Miscellaneous tidbits to note:
- When he was hired in 2007, Bryan Murray thought he was only going to spend 3-4 years in Ottawa before retiring, perhaps passing on his job to Tim Murray. He signed an extension to stay on as GM of the rebuild back in 2011.
- Pierre Dorion's father, who was at Central Scouting and worked with the Toronto Maple Leafs, was the greatest influence of his life. He was very emotional on Murray being the #2 presence, speaking to his mentorship and compassion.
- With respect to what changes happen next and putting his stamp on the team, Dorion noted that he wants to have an extensive evaluation process with his management group, coaching staff, and players. "Sometimes, we're quick to judge. There will be changes, but we have to make the proper change and take our time doing them". I hope so, because the team can't afford to have more misevaluations + "bad" changes.
- On Dave Cameron and the coaching staff, Dorion mentioned that he'll be meeting with them and a decision will follow later on. Not exactly a vote of confidence.
- Pierre Dorion has been asked by Murray and Melnyk to still be involved in the team's first round selection, much like he has in previous years. He'll be leaving rounds 2-7 to Chief Amateur Scout, Bob Lowes.
- When asked to describe himself, Dorion mentioned: "Driven, sensitive, passion, demanding, black + white; communication is key."
- Asked about the future of the organization, Dorion went on to list the positives, starting with Erik Karlsson as the best defenseman in the league and Craig Anderson as a bonafide #1 goaltender. He then mentioned the nucleus of Mark Stone, Kyle Turris, Bobby Ryan, Mike Hoffman (YAY), Mika Zibanejad, Jean-Gabriel Pageau, Zack Smith, and Clarke MacArthur, noting that the team was 9th in goal scoring this year. He noted the blue-chip prospects of Thomas Chabot and Colin White, and the depth of Fredrik Claesson, Ben Harpur, (especially) Nick Paul; Matt Puempel, Ryan Dzingel, Max McCormick, and Andreas Englund.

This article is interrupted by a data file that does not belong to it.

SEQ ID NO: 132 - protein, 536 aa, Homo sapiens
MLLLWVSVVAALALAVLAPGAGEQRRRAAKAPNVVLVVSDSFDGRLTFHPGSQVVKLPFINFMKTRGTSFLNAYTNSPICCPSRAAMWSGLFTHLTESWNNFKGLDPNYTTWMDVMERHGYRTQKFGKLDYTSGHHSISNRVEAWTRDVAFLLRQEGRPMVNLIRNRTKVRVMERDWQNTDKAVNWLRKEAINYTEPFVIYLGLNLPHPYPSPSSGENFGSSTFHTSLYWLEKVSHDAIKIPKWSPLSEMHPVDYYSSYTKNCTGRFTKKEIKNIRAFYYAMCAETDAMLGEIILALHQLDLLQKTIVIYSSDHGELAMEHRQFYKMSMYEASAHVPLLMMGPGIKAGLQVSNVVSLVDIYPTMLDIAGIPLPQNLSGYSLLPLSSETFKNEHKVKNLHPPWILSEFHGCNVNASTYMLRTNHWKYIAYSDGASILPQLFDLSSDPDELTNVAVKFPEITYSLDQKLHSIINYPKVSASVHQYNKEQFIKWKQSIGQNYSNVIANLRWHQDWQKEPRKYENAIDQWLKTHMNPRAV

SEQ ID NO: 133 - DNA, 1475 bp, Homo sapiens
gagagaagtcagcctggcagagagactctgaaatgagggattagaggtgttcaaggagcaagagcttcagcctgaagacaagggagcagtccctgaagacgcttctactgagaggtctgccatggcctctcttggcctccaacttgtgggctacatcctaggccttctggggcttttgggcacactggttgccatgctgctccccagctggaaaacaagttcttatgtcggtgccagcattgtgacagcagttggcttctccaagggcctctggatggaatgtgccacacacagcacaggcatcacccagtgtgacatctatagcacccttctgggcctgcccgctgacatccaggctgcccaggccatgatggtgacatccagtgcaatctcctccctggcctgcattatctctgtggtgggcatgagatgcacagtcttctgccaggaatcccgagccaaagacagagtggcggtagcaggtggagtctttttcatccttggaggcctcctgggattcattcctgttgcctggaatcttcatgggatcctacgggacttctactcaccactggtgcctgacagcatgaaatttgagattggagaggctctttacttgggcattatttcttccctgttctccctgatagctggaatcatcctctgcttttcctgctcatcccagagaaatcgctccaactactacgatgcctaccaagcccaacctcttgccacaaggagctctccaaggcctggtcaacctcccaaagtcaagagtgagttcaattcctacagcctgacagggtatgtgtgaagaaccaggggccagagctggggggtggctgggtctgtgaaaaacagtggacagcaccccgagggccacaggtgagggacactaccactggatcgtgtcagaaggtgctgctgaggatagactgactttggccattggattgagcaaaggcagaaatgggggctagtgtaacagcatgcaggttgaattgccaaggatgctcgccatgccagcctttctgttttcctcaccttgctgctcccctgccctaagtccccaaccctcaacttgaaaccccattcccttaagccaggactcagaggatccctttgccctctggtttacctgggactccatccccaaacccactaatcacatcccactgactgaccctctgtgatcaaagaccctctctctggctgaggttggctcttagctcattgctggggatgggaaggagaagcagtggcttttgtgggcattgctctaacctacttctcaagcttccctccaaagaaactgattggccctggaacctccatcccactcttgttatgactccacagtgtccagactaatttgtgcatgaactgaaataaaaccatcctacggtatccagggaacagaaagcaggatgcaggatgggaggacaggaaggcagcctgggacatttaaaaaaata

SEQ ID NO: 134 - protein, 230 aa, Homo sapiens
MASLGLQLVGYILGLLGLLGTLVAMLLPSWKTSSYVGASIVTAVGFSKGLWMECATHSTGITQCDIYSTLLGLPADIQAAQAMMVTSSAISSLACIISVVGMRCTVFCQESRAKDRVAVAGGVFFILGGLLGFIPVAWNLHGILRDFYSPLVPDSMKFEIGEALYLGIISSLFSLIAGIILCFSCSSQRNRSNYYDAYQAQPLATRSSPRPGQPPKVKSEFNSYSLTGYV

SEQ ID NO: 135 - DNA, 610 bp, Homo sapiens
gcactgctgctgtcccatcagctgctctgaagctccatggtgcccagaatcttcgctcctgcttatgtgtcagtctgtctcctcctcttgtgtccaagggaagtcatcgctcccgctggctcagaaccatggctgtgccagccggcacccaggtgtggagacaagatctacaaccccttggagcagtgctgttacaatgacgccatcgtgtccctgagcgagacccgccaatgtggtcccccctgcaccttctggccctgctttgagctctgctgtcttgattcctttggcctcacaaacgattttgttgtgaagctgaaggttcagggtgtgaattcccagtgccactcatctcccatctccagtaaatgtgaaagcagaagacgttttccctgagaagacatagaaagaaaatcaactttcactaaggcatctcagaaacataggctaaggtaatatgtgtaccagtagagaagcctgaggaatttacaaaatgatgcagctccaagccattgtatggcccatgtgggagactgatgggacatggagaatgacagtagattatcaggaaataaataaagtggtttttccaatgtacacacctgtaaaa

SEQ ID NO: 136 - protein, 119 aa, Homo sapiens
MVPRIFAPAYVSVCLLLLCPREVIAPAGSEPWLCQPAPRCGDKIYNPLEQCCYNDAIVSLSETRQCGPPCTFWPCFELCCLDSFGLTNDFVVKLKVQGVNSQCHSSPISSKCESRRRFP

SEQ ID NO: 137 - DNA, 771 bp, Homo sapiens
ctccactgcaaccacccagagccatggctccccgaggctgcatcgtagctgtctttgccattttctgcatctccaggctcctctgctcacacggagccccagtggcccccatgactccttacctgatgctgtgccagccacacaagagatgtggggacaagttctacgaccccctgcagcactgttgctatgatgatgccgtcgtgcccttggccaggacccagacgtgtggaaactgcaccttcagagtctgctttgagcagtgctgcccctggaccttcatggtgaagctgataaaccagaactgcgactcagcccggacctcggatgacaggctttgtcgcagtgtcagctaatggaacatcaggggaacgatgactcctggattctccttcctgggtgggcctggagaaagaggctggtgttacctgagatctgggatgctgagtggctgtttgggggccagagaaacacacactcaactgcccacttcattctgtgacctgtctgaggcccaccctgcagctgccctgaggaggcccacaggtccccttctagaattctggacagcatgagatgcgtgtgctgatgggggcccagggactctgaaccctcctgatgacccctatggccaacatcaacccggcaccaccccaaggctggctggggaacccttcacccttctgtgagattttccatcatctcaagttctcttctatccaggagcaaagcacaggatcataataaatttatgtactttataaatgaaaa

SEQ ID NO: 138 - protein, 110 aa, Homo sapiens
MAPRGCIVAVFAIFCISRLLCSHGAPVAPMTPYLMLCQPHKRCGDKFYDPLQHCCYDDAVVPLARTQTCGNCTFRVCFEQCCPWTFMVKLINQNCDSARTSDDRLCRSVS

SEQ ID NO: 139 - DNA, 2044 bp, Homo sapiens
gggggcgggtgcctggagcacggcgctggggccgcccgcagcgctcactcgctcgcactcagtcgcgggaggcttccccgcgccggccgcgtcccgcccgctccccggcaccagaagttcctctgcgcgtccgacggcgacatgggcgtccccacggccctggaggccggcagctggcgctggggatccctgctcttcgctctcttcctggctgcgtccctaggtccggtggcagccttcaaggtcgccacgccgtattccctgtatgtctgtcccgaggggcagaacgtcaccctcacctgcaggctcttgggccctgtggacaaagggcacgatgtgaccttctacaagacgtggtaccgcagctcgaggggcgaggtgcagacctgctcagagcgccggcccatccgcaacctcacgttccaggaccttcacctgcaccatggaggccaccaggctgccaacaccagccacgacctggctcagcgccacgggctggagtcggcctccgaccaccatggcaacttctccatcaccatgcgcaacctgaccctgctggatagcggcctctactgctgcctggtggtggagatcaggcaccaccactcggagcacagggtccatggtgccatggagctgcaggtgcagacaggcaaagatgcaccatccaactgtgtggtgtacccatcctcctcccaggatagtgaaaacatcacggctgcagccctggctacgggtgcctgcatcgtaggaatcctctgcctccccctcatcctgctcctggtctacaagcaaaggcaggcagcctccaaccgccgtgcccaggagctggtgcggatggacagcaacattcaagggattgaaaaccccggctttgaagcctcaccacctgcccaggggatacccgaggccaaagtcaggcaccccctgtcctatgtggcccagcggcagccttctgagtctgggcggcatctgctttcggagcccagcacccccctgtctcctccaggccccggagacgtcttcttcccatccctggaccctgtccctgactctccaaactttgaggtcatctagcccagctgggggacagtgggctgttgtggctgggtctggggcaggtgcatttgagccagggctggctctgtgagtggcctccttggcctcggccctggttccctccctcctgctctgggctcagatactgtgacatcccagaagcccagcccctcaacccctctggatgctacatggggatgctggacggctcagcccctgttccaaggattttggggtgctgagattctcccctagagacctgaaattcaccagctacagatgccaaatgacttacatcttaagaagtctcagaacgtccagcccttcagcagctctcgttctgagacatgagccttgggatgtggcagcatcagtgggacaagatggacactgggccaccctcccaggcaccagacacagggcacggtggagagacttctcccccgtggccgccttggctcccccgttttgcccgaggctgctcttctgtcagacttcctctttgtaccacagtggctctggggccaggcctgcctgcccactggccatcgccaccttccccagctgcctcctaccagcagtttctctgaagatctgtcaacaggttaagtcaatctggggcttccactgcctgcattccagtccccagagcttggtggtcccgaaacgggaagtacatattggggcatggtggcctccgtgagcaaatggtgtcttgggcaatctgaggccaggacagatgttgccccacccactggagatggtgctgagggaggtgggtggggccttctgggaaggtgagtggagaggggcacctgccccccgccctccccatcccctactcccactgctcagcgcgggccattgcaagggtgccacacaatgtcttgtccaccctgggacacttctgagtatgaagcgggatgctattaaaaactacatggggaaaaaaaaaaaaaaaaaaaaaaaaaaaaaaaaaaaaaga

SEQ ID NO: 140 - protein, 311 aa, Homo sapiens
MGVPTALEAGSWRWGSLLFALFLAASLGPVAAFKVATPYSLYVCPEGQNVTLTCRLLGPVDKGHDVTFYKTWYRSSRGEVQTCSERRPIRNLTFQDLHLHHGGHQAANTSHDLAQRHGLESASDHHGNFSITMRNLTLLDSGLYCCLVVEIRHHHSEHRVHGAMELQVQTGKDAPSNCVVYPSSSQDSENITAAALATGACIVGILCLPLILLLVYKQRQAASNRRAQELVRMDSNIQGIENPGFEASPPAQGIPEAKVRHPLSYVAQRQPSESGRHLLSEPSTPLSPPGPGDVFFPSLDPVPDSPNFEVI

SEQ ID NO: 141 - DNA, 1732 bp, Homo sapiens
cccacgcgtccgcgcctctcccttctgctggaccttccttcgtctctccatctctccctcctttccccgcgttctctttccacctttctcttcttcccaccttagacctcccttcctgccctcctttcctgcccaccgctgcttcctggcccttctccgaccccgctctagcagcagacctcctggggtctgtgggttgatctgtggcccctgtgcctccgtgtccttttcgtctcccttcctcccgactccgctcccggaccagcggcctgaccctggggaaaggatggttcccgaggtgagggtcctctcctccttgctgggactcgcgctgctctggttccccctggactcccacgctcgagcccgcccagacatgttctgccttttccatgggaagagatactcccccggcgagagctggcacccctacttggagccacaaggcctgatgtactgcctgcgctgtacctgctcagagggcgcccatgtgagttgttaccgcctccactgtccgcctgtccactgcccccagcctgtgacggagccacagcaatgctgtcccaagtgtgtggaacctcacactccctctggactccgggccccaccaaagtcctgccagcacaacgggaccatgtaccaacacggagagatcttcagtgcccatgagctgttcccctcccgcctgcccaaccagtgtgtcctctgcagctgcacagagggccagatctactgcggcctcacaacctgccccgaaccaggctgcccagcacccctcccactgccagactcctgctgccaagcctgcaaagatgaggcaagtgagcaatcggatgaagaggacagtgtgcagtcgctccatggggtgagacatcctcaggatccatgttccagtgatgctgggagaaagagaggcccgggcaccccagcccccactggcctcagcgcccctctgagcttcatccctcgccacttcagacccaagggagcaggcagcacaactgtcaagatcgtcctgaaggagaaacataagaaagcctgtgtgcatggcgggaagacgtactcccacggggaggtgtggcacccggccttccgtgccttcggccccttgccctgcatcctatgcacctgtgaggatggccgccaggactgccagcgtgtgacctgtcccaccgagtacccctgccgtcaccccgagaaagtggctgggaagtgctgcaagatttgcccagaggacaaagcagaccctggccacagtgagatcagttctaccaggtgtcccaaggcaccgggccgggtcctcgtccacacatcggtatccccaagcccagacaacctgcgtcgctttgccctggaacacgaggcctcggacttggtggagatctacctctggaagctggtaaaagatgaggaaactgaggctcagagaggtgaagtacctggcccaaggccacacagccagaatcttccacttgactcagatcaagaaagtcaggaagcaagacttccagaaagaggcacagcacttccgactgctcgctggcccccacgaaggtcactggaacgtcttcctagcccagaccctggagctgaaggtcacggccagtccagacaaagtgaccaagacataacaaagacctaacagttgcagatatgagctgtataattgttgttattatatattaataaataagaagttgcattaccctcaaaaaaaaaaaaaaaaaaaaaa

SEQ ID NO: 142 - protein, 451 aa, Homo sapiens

- Bryan Murray was asked a great question as to why he's found it hard to hire a good head coach. He pointed that he's been hands on with coaching because stuff bothers him systems-wise. Often, he's tried to give an opportunity for people in the organization [assistant coaches, staff in Binghamton] who seem to fit when they're interviewing and evaluating as people who can "step up and fill a role". Despite this, he notes, coaching in the NHL is really difficult, especially for an assistant or minor league coach who hasn't dealt with the day-to-day process as you do in the NHL. He's been disappointed in a couple of his hires, and touched on the fact that maybe they were too quick to hire because they needed to rebound quickly to make the playoffs.
- Of the five head coaches since Bryan Murray, John Paddock and Dave Cameron were Sens assistant coaches before getting the job, with Paddock having previous NHL head coaching experience with the 90s Winnipeg Jets. Craig Hartsburg had previous NHL head coaching experience with the Chicago Blackhawks, but was promoted straight from junior (Sault Ste. Marie) when he was given the Senators job. Cory Clouston was promoted straight from Binghamton, while Paul MacLean was an assistant, but the only hire directly from another NHL franchise (Detroit).
- When asked about the positives and negatives of working for your hometown team, Murray mentioned how he doesn't think that there's added pressure. "If you can bring a local hockey player home [via signing or trade], you get a guy who's dedicated to the community and will hopefully help him play his best hockey"
- Bryan Murray on his legacy as a GM: respect, communicated well, treated people fairly, and loved the game. "I hope I'm remembered as a good hockey guy that was a pretty good person"
- Pierre Dorion's two quotes of the day: 1) "Learn the lessons from this past season so that it's not repeated" 2) "I wasn't hired to bring the team to the playoffs, I was hired to succeed in the playoffs"